ACM DRM 2010

Thursday, October 28, 2010

The 9th ACM Workshop on Digital Rights Management was held in Chicago on October 4, 2010. The conference was sponsored by Microsoft and Technicolor.

Following is a short highlights of my preferred papers:

  • The privacy of tracing traitors , Moni NaorHe presented mainly issues about privacy in the case of statistical analysis of largely populated databases. He presented his recent works (2008) on how to sanitize such databases while maintaining differential privacy. The idea is to present a fake database that should have the same answers than the real one but without the actual data. This is extremely computing hungry.

    The link with traitor tracing was dim. The conclusion was that traitor tracing is possible if and only if sanitizing is hard. The not surprising conclusion is that traitor tracing and privacy are contradictory.

  • A General Model for Hiding Control Flow, Jan Cappaert (UKL)This presentation was about software tamper resistance, more specifically obfuscation. The idea is to enhance the flattening Control Flow Graph with relative values rather than local values plus the use hash. They propose a switch function as template.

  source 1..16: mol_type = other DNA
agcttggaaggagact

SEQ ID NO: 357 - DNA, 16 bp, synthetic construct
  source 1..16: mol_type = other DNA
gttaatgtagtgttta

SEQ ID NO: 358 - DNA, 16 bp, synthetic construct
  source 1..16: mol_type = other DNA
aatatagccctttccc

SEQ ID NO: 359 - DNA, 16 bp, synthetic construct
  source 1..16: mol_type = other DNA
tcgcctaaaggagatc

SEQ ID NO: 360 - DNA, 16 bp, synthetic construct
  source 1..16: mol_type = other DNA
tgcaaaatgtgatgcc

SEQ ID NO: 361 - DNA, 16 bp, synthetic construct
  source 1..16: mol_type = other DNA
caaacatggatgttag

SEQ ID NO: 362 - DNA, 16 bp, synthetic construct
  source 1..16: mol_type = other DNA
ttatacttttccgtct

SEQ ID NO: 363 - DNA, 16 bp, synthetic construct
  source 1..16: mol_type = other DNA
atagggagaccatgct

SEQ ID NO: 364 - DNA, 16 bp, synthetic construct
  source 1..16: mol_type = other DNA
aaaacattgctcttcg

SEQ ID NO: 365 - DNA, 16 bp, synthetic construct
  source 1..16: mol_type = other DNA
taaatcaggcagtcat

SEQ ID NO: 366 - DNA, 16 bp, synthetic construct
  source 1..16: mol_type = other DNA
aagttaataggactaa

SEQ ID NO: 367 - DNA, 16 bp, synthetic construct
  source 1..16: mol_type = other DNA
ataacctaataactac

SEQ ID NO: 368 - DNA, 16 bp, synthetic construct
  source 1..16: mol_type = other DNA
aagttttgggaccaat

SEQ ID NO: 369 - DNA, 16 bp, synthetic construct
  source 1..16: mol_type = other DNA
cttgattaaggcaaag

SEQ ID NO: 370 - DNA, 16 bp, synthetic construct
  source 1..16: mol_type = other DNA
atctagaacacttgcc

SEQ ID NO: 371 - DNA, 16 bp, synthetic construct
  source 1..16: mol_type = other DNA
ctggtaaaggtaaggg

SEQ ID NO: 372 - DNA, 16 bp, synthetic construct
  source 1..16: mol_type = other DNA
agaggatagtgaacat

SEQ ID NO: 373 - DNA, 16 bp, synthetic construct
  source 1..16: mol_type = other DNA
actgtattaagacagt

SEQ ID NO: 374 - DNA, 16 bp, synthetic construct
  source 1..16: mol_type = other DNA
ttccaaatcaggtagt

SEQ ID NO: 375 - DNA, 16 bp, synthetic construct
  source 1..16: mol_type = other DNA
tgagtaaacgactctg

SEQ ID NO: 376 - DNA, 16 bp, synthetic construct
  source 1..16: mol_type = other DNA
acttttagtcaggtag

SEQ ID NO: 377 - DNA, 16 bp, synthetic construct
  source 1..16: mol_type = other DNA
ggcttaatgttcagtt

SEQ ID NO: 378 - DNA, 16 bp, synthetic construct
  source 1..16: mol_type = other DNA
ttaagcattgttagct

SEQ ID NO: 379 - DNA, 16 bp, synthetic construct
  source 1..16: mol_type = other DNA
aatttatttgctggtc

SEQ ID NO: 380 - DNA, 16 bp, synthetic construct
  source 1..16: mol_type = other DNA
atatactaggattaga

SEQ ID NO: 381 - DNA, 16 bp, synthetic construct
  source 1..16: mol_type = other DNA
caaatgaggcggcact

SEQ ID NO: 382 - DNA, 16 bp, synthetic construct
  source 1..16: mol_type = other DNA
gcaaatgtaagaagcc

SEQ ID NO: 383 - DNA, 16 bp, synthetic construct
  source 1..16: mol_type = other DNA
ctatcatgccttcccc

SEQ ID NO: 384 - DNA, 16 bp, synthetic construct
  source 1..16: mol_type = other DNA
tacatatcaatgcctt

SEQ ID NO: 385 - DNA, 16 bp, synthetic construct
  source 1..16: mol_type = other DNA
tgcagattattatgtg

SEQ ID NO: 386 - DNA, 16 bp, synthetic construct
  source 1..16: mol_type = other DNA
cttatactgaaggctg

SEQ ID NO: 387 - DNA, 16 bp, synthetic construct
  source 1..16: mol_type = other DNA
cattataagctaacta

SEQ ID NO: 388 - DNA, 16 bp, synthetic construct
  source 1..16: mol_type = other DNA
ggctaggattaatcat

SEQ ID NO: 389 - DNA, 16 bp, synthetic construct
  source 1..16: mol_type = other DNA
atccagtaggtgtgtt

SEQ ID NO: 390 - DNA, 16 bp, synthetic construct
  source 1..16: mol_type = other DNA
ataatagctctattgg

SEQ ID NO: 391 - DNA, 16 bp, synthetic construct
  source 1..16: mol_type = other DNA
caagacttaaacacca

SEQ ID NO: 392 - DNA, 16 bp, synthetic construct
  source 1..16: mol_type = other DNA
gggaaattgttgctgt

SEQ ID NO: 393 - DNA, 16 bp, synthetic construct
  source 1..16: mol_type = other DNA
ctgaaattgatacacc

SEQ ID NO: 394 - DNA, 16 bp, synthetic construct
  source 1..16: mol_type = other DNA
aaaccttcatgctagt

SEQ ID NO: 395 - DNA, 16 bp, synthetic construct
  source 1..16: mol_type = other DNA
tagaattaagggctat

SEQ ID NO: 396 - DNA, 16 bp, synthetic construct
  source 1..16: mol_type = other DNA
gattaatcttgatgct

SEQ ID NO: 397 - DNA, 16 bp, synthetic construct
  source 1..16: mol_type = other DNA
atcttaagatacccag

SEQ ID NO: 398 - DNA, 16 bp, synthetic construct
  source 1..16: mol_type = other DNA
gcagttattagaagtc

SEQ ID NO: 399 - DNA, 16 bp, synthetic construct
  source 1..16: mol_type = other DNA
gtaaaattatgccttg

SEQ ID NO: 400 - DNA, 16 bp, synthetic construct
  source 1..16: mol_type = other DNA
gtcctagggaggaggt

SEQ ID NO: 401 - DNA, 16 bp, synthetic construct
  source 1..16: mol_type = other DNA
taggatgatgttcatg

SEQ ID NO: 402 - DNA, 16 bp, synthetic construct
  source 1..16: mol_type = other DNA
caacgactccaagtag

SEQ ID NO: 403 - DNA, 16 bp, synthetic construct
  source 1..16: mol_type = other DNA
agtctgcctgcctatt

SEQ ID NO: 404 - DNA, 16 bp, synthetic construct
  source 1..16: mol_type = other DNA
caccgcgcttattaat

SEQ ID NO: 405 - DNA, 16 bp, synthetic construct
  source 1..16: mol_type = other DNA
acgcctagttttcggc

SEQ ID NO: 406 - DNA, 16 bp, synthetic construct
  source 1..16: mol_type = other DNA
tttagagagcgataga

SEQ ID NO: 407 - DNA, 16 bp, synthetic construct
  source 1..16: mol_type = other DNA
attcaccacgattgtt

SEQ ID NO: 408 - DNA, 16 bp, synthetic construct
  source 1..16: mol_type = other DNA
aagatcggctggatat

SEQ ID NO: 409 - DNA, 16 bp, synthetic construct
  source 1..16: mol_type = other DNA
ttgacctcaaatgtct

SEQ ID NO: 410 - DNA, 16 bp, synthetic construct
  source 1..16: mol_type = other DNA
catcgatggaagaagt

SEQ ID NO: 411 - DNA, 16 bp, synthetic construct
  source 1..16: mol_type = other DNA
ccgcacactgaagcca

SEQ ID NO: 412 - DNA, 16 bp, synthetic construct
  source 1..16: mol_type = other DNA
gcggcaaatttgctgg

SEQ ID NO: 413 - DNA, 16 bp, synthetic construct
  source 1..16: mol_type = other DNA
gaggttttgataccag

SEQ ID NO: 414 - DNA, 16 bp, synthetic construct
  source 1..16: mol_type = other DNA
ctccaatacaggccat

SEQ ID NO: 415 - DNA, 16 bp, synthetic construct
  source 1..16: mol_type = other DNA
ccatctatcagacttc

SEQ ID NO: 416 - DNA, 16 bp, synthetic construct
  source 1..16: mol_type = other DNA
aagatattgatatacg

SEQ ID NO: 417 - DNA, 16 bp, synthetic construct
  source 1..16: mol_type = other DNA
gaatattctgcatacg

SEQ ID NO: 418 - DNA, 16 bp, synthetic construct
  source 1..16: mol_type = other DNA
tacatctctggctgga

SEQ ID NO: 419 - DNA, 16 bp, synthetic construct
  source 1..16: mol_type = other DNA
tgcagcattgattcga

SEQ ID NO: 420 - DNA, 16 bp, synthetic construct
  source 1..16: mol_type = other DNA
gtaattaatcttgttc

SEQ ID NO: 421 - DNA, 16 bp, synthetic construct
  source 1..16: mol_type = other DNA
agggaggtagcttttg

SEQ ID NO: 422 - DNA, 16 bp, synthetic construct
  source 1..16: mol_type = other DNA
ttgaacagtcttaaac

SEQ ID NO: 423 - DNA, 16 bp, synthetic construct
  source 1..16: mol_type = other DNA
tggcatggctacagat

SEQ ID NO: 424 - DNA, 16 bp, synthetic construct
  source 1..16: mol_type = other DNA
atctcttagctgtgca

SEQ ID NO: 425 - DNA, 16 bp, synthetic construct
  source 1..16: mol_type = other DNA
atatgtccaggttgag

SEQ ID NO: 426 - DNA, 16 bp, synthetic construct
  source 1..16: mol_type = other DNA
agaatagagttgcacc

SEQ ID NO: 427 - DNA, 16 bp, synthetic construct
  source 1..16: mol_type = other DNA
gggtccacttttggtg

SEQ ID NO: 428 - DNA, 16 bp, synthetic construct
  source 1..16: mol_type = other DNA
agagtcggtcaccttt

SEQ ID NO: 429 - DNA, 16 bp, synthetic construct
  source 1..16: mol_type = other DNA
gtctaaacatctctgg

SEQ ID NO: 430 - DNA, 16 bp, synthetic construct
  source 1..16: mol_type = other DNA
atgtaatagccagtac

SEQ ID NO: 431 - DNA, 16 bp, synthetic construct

Worthwhile to read. It was most probably one of the best paper of this workshop (at least according to me).
  • Is the Internet a Foe or a Friend to Theatrical Releases and the Motion Picture Industry?, Warren LieberfarbHe presented the history of the video distribution highlighting that each threat ended up as an opportunity. Then, he pleaded for a standard endorsed by all studios that would encompass a removable tiny storage media (NAND flash based) and a robust DRM with forensics capabilities. In other words, vertical interoperability.
    The audience was captivated. Warren is a pionneer of video and knows perfectly the history of video distribution being one of its early actors. I am sure that many people in the audience discovered several interesting stories.
  • An Interoperable Usage Management Framework, Pramod JamkhedkarA framework that attempts to unify the different RELs independently from the execution platform. It should unify both declarative RELs and logical RELs. The approach is object oriented and focus on the REL and not the enforcement.
    Highly theoretical work.

I presented a paper, co-authored with ROBERT Arnaud (Disney) about Interoperable Digital Rights Locker.

The full program is available here.

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